Learning to read music can be a difficult task but it is well worth it for those who want to become professional musicians or even want to develop a rewarding hobby. This is exactly what Eros Mungal is hoping to help people with.
Mungal is the author of Claire's Music Workbook. He also recently finished an intermediate edition of the book, which can be used by people who have completed the first level. The textbook focuses on the CSEC music syllabus.
He named the book after his now deceased daughter, who not only provided him with the inspiration but was hands-on with the project as well.
“Claire played an instrumental part in my teaching classes. When the book was first published, I decided to name it after her as she did much of the work on it,” he said.
He fondly recalled that she created a Traditional Christmas Carol Book and did most of the work, typesetting music and typing out the lyrics. Claire, his only daughter, died at just 27, after suffering a pulmonary embolism in July 2002.
At the time she was doing a teacher-training degree at Roehampton University in London. Mungal, who has lived in England for about 40 years, said he was happy she was able to see the new edition of the book before her unfortunate death.
Another factor that contributed to his producing the textbook was his background in education.
“My parents were both teachers and my father a headmaster or principal. So it was quite easy to nurture those techniques. I have taught O- and A-Level chemistry at Holy Faith Convent and I teach music in my spare time, focusing on piano and keyboard skills.”
Music teaching is not yet Mungal’s full-time job. He was an engineer in science-based industries and now does auditing in the aerospace industry.
While he was a teacher Mungal would make notes for future classes as well as try to understand better any issues his students raised. He would eventually use these notes to compile the workbook.
He discovered his passion for music from a very early age.
“I went to music lessons before I was four years old. I could read quite well as my mother took me to school since I was a baby. Of course, this would not be allowed these days. I attended Presentation College, San Fernando, and did the formal grades in music until I was 14 and about to do the O-Levels.”
It was soon after his A-Levels that his mother decided to migrate to the UK. He then had private tuition as he advanced in playing the piano before he began to play and learn music by himself.
“I listened to all the classical LPs (long playing albums) which were then on loan from the local libraries. I was asked by acquaintances to teach their children music. I also played for a local choir and the local church.”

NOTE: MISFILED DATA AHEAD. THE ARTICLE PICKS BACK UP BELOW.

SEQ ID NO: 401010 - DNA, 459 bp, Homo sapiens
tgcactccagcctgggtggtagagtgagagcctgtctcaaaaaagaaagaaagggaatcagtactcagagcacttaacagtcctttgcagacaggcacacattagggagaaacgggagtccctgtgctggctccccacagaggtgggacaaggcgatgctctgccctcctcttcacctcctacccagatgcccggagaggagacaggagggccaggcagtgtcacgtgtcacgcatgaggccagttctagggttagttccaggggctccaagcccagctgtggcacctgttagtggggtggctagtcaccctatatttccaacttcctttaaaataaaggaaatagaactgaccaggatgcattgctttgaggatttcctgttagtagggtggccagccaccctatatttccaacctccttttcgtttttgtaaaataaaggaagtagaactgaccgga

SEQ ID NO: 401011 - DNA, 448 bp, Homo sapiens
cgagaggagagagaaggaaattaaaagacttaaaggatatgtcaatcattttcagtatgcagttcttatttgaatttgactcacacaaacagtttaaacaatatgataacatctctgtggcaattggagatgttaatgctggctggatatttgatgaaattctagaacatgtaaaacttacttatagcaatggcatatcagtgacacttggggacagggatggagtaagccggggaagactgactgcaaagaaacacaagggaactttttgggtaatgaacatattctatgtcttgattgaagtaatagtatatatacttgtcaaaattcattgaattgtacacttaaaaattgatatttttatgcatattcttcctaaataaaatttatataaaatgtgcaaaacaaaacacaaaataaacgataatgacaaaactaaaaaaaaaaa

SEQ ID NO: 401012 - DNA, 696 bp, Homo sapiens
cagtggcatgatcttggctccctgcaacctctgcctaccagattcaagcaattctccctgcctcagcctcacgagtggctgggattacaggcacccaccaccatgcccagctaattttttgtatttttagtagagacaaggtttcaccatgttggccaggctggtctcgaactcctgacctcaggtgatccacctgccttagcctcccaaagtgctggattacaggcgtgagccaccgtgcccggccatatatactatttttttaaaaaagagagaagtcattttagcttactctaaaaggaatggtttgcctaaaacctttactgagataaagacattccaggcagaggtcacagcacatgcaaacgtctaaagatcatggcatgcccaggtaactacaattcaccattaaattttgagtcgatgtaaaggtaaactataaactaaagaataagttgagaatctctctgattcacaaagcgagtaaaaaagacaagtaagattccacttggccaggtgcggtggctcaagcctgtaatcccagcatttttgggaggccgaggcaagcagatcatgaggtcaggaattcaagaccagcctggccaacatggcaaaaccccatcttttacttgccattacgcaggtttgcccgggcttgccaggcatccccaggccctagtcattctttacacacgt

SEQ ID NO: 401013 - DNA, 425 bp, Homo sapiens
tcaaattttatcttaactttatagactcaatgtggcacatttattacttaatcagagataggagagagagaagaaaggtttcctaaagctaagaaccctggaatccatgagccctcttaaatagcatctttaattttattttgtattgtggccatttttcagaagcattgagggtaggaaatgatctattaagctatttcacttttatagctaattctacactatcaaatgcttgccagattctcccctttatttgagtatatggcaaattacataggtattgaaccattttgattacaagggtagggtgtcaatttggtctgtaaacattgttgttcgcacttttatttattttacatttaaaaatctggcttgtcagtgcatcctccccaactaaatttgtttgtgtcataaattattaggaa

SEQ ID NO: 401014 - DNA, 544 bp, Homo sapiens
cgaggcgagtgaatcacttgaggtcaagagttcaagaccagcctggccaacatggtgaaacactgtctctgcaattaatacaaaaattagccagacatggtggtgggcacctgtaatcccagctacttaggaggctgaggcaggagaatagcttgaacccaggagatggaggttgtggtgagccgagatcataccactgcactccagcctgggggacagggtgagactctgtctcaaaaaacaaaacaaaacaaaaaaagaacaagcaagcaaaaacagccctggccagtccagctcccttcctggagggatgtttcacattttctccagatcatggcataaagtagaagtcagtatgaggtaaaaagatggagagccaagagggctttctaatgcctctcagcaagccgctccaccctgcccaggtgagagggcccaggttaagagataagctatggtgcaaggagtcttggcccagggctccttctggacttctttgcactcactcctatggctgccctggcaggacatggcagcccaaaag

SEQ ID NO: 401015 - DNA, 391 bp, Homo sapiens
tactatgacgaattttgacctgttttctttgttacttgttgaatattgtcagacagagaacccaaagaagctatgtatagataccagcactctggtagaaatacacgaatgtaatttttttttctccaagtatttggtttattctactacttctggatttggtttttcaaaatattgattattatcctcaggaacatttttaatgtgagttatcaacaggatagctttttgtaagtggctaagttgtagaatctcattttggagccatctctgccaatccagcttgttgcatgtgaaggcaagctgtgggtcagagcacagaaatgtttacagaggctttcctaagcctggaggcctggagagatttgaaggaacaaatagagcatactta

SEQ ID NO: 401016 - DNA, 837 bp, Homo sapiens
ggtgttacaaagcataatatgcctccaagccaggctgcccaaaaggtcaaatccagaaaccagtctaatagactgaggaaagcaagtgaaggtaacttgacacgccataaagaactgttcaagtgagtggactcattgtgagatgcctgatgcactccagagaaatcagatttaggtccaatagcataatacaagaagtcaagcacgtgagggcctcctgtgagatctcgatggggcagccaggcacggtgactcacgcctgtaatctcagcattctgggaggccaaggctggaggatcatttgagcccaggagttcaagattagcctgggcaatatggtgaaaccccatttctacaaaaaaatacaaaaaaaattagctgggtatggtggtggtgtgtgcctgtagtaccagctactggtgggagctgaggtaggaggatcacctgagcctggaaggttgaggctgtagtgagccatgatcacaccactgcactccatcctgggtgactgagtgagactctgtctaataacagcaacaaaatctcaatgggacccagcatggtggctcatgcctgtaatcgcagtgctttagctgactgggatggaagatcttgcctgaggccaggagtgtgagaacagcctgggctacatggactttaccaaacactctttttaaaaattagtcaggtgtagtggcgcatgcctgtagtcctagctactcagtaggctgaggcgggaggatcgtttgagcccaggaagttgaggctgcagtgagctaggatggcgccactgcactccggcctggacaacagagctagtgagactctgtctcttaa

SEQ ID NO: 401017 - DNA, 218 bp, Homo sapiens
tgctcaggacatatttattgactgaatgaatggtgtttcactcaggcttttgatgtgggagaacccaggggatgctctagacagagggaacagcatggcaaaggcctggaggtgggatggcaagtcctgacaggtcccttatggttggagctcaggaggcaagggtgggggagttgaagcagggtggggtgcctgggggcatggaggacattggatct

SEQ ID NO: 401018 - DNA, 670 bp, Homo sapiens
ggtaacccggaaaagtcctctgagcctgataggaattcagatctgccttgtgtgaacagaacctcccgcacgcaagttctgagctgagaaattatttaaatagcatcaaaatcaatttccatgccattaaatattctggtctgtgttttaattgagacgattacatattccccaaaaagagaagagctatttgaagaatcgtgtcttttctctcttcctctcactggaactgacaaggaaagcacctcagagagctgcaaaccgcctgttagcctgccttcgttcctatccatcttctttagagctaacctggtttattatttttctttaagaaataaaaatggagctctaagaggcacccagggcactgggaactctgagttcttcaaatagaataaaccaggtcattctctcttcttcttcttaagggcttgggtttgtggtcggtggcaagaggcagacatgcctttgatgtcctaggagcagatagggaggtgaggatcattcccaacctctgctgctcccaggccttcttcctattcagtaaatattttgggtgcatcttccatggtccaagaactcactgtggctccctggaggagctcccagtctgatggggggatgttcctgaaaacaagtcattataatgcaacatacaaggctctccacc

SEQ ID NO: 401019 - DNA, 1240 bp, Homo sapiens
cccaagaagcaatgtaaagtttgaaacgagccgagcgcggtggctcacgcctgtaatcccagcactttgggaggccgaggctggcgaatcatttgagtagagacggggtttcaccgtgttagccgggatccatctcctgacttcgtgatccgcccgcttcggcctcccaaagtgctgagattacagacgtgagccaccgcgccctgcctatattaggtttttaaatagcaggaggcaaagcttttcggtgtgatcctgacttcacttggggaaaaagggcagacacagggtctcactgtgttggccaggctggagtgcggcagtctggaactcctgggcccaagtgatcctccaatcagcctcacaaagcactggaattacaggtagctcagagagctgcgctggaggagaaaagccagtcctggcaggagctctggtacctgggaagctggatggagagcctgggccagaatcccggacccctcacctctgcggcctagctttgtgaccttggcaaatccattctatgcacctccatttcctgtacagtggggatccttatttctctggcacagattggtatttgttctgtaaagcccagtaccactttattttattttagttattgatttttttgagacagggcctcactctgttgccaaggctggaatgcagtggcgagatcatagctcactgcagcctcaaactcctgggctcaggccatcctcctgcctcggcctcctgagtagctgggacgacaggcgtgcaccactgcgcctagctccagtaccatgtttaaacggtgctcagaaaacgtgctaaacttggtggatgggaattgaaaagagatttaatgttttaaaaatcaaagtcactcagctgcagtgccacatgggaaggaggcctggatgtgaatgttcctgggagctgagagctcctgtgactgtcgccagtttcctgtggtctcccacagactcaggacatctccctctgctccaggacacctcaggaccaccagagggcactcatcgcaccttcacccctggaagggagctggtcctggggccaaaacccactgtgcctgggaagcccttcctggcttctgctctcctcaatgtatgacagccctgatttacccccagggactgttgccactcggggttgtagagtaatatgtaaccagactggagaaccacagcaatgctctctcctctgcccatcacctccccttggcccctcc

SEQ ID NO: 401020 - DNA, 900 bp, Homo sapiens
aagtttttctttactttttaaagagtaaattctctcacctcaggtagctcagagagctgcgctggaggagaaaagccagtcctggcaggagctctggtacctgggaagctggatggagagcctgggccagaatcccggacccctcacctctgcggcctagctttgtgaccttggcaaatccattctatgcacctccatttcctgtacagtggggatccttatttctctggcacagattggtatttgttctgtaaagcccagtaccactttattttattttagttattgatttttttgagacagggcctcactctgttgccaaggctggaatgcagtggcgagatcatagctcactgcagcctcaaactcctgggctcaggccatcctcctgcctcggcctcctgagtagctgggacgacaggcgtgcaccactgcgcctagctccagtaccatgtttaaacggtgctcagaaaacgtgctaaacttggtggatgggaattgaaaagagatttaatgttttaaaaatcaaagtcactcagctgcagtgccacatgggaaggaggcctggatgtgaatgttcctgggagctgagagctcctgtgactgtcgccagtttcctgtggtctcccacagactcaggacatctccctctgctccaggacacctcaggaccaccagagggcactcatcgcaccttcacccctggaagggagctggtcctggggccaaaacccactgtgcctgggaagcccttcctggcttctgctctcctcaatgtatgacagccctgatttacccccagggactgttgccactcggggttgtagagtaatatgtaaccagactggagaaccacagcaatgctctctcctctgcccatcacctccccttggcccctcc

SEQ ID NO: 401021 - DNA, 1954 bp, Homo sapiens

He was also inspired by listening to music on the available radio stations on the AM band at that time.
Mungal’s choice to market his book in the Caribbean was mostly out of his fondness for the region and the fact that he has a close relationship with the publisher of the book, RPL (1991) Ltd, of La Romaine. He also said though he lives in England, his heart is pure Trinidadian.
He believes the market in the United Kingdom is complex and might not be as accommodating to changing the way music is taught.
“The book I used as a child is still being reprinted in the UK, virtually unchanged, not taking into account changes in taste and approach by newer generations. I grew up with the concept of buying local, and of course, having it printed in Trinidad fulfils this ideal.”
Mungal hopes the book can help to preserve some of this country’s musical history as well. He has included Marjorie Padmore’s God Bless Our Nation’and Kathleen Piper’s Our Nation’s Dawning in his attempt to teach the younger generation songs created to celebrate Independence Day. This edition of the workbook also includes a pan supplement.
“In addition, Claire's Intermediate workbook is the only workbook which goes towards addressing the requirements of the CXE exam body with respect to the CSEC music syllabus.”
Mungal took special care to include classical music pieces as well. This, he hopes, will help younger learners understand the connection between old and new music.
“Of course I have included popular classical tunes, which in my experience young people know but do not necessarily realise that they may be based on classical music. It must be realised that to document music and record it for eternity, then it has to be written and scored in a formal way.”
By teaching young musicians this connection, he hopes they will understand music can be used as a global communication tool.
“Music thus recorded can be read and played in any country in the world. It is indeed a universal language, even though you might not be able to read the title in a foreign language.
"This will outlive any electronic media, long after the USB key cannot be read because the format has changed, the hard drive failed, or the CD layer becomes tarnished or oxidised and thus unreadable.
“My intention is to give these tunes to the next generation of children or we run the risk of them being forgotten.”